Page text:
Re: Re: ‘Dutch Billys’

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Re-fronting has probably always been there as an option when decisions about renovation, or rebuilding, were being considered, as it is today, but I suspect that the trend to re-front ‘Dutch Billys’ as flat parapeted ‘Georgians’, as well as reflecting a desire to conform to the prevailing architectural orthodoxy, involved the other motivation of simple practicality. Exposed projecting pediment topped gables must have been particularly prone to severe weathering and/or occassionally falling into the street.

Whereas Billys survive today in their Georgial altered form all over Dublin, It’s interesting to note that where Billys survived long enough to be protographed in their original unaltered state was only in the depressed areas of the city where the houses had become tenements and no investment in the building fabric was being made. This is why ‘Dutch Billys’ have long been associated with the Liberties in particular, when in fact there are far more Billys (albeit re-fronted) to be seen today in Dublin 1 and 2.

South Fredrick Street is a case in point.

Of the 10 surviving houses on the east side of the street, probably 7 or 8 of them are essentially ‘Dutch Billys’ built between the early 1740s and the mid 1750s.

The east side of the street looking north. At first glance, this just looks like a normal small scale Georgian Street.

The same terrace from the rear. The cruciform roofs, single shared central chimney stacks and gabled return structures are all classic ‘Dutch Billy’. The lengths to which the Georgian owners of no. 27 went to modernize their ‘Billy’ included not just replacing the whole cruciform roof and front gable, but also the back gable and they even re-roof the tiny return to get rid of it’s rear gable.
(There’s a nice piece of original timber panelling to be seen in the front room and hallway in Brubaker’s Cafe at no. 22)

No. 24 with the very low rain water outlets giving away the profile of the axial volume of the cruciform roof behind the altered flat parapet. The quite unGeorgian window proportions, particularly on the second floor, are also interesting.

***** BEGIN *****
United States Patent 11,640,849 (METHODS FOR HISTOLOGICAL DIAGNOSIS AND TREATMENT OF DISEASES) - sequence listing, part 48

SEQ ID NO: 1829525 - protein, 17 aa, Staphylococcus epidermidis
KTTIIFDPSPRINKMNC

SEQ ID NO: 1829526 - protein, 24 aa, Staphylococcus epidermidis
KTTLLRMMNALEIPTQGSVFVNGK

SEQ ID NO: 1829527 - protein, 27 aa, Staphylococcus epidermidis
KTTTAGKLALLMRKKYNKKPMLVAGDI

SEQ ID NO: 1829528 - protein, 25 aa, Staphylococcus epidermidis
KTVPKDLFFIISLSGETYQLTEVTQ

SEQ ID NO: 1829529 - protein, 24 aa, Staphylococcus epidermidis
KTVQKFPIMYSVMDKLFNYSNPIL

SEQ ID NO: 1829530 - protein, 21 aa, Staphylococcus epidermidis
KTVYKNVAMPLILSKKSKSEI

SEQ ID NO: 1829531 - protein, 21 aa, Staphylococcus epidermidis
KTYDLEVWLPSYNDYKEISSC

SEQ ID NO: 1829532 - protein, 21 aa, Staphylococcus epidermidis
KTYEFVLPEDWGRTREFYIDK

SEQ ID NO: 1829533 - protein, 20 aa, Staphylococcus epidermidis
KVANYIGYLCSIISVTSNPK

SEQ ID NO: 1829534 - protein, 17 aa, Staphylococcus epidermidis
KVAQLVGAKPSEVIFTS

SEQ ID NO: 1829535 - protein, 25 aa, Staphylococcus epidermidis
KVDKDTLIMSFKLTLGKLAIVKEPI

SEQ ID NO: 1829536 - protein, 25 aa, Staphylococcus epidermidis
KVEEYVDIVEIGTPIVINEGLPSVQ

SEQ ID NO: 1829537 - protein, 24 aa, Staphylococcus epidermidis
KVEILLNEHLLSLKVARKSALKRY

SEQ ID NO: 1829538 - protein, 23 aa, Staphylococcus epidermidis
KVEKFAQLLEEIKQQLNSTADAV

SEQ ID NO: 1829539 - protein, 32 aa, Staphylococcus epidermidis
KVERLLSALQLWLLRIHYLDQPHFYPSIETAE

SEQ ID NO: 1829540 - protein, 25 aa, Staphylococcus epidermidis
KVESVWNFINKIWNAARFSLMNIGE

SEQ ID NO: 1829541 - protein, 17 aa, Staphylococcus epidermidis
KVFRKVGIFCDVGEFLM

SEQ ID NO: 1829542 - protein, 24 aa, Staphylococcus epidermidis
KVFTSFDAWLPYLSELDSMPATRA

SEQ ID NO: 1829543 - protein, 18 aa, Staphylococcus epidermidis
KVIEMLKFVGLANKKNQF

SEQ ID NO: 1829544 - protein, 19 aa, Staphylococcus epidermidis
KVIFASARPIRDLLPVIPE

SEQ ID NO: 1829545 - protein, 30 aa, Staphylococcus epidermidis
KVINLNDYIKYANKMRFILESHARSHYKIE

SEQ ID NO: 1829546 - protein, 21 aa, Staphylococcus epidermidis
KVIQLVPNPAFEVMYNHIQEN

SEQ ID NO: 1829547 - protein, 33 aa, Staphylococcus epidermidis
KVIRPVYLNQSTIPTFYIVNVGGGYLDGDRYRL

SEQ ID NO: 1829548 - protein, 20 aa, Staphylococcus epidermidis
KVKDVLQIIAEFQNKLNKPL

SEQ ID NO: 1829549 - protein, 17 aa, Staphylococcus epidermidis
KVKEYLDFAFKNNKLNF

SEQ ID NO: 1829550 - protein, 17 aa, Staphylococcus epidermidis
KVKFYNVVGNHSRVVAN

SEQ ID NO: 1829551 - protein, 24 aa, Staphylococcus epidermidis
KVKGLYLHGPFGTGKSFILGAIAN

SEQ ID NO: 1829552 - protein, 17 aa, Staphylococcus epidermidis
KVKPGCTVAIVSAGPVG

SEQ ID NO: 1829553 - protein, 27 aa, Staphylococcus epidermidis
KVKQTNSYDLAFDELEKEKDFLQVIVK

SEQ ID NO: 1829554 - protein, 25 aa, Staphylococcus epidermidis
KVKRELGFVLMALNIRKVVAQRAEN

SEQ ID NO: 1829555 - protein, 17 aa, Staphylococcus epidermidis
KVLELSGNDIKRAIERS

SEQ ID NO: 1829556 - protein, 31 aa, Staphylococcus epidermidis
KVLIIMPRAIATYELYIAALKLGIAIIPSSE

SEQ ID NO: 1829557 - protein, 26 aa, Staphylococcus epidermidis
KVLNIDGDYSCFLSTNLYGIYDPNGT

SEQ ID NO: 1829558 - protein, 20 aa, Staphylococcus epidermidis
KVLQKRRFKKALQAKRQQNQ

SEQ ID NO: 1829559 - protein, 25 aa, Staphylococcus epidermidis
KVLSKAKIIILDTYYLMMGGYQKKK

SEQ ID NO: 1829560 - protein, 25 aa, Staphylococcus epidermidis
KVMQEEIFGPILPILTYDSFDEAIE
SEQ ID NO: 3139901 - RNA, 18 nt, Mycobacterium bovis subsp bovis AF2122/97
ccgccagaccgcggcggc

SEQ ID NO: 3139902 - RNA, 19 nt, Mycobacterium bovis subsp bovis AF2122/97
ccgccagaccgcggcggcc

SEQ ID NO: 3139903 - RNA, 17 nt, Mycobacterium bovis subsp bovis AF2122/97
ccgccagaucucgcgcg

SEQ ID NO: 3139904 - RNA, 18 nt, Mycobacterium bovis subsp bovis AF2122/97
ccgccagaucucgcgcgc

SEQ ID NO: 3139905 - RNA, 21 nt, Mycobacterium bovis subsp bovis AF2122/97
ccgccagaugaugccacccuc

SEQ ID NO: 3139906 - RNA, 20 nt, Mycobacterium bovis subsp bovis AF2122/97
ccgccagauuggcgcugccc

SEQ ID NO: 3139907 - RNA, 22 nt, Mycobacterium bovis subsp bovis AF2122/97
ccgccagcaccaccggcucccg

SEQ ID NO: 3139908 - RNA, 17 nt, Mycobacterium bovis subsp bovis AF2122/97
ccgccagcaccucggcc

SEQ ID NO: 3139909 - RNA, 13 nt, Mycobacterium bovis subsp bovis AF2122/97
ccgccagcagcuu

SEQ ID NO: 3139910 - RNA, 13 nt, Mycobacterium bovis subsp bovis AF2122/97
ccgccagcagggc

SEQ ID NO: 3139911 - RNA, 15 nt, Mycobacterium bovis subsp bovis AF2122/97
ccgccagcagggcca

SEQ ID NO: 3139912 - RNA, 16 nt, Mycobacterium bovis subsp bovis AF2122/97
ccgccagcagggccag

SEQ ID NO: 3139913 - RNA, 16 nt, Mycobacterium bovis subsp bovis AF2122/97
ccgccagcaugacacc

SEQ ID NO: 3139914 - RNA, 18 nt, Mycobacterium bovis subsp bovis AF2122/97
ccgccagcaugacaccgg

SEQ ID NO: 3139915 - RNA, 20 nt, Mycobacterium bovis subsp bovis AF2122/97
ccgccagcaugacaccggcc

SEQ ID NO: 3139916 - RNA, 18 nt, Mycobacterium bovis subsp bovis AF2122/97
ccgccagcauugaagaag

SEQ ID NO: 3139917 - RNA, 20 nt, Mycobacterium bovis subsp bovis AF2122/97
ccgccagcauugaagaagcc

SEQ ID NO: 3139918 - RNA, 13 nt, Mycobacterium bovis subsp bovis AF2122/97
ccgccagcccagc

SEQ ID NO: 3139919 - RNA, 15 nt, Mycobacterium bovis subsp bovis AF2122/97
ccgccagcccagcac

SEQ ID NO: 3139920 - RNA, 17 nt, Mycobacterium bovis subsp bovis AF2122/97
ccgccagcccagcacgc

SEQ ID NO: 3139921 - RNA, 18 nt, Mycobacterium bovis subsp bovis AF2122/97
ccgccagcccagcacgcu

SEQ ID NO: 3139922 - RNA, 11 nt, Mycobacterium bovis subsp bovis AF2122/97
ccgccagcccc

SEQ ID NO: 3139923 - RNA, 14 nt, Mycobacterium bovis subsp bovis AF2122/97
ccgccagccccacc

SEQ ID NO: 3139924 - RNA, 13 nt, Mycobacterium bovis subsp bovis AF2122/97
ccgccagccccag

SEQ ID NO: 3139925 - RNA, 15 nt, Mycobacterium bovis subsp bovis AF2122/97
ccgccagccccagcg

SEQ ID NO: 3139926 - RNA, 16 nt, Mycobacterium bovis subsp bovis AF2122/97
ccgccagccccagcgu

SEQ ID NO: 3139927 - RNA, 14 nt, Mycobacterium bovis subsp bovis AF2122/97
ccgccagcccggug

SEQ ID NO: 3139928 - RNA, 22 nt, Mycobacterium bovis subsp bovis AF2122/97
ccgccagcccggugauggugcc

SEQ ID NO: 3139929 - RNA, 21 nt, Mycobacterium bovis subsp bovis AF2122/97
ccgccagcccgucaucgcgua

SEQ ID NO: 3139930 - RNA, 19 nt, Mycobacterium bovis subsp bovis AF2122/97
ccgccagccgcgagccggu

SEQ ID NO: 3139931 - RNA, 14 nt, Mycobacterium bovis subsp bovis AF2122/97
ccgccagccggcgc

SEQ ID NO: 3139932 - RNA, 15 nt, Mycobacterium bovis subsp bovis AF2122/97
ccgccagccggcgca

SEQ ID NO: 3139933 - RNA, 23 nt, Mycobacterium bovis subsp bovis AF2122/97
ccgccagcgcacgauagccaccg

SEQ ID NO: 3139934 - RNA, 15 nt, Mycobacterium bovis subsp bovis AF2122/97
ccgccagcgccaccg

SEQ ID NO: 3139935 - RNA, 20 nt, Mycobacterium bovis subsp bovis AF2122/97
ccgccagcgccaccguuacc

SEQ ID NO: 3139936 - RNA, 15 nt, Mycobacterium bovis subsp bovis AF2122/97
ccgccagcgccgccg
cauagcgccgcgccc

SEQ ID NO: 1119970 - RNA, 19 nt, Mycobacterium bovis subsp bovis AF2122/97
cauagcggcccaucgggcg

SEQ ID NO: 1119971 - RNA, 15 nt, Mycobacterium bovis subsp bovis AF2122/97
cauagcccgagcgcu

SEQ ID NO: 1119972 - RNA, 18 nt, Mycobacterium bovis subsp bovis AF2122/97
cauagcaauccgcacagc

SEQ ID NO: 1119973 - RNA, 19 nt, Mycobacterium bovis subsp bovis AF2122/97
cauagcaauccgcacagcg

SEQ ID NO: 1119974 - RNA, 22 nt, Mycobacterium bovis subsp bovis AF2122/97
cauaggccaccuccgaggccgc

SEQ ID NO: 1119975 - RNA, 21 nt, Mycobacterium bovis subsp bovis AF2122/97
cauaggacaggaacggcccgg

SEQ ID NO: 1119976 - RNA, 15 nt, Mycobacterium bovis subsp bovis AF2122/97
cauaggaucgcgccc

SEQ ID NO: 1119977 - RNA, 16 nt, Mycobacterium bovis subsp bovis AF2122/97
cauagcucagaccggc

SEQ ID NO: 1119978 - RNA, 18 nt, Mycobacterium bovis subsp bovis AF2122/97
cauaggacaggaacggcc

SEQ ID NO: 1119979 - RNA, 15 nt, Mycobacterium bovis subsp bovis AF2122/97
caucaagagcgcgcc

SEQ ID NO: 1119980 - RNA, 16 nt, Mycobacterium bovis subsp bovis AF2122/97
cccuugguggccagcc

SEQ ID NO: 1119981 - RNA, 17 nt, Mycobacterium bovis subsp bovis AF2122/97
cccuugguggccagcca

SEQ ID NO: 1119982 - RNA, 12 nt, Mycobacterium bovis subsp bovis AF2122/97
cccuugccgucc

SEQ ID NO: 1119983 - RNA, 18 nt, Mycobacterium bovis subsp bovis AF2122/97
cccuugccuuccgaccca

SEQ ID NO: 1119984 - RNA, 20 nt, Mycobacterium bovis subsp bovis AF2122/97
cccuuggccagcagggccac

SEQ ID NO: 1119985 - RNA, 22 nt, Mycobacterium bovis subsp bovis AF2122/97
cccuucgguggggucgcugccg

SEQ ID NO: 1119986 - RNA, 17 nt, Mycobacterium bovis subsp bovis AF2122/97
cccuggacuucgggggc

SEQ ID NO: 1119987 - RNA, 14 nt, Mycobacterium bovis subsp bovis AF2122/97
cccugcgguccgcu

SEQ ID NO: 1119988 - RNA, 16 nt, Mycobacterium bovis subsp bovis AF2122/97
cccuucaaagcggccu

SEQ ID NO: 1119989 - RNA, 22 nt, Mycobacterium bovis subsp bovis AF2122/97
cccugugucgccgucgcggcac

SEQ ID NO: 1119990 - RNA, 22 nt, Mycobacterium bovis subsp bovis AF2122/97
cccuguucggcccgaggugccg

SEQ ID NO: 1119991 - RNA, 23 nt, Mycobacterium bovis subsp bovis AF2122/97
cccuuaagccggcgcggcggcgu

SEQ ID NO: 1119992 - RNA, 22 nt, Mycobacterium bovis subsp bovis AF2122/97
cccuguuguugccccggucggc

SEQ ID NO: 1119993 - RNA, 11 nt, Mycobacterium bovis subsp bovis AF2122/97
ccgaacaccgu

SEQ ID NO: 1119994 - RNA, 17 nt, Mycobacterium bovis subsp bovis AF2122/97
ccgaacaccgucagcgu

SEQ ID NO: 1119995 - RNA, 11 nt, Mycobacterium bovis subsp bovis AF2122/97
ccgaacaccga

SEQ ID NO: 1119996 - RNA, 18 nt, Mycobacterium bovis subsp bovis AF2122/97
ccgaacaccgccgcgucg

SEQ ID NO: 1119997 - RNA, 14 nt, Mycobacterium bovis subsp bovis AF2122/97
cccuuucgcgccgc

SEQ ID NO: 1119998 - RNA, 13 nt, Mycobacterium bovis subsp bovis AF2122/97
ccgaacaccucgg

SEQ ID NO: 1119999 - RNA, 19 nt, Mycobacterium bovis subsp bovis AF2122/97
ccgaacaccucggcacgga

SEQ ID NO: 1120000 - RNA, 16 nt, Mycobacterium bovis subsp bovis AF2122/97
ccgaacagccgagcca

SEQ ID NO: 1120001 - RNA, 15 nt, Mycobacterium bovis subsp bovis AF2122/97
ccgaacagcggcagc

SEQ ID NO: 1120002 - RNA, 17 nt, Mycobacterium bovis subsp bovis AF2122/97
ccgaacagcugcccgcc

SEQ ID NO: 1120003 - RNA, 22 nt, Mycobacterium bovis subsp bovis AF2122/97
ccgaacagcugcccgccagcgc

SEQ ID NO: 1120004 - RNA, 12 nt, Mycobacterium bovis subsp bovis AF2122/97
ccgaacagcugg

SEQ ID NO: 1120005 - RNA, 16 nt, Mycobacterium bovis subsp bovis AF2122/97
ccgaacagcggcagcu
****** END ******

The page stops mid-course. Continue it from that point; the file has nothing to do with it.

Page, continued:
South Fredrick’s Street in Rocques’ time (1756). The street was a slightly lower status version of Molesworth Street, where curvilinear gabled house of all sizes must have presented a stunning contrast to the sober palladianism of Leinster House.

Because of the largely convincing ‘Georgian’ appearance of the street frontage, it could be argued that the South Fredrick Street terrace were ‘transitional’ houses that utilized a ‘Dutch Billy’ plan and rear elevation, but were always flat parapeted and hipped roofed to the front, but I don’t buy that. ‘Transitional’ houses are a distinct group (more endangered even than ‘Billys’) and there’s no evidence that there was ever a house type in Dublin that was designed to be hipped roofed to the front and gabled to the back.

These are photographs from 1995 of a terrace of ‘Transitional’ houses on James’ Street (one of which still survives, just).

The steeply pitched roofs and shared central chimney stacks survive from the ‘Dutch Billy’ tradition, but there is no exploitation of the attic space and the reduction in window height towards the top storey is original to the construction and ‘Georgian’ in character. The brickwork is also a mottled yellow/red as opposed to the deep red that is characteristic of the ‘Billy’.

As with the three ‘Transitional’ houses at the west end of Hendrick Street, the flat parapet and hipped roof to the front of these James’ Street houses is reflected in an even simpler hipped roof arrangement to the rear. The return is still there, but it’s litterally starting to disappear, no longer an essential element, it only reaches to the first floor, or even just the ground floor in some instances.

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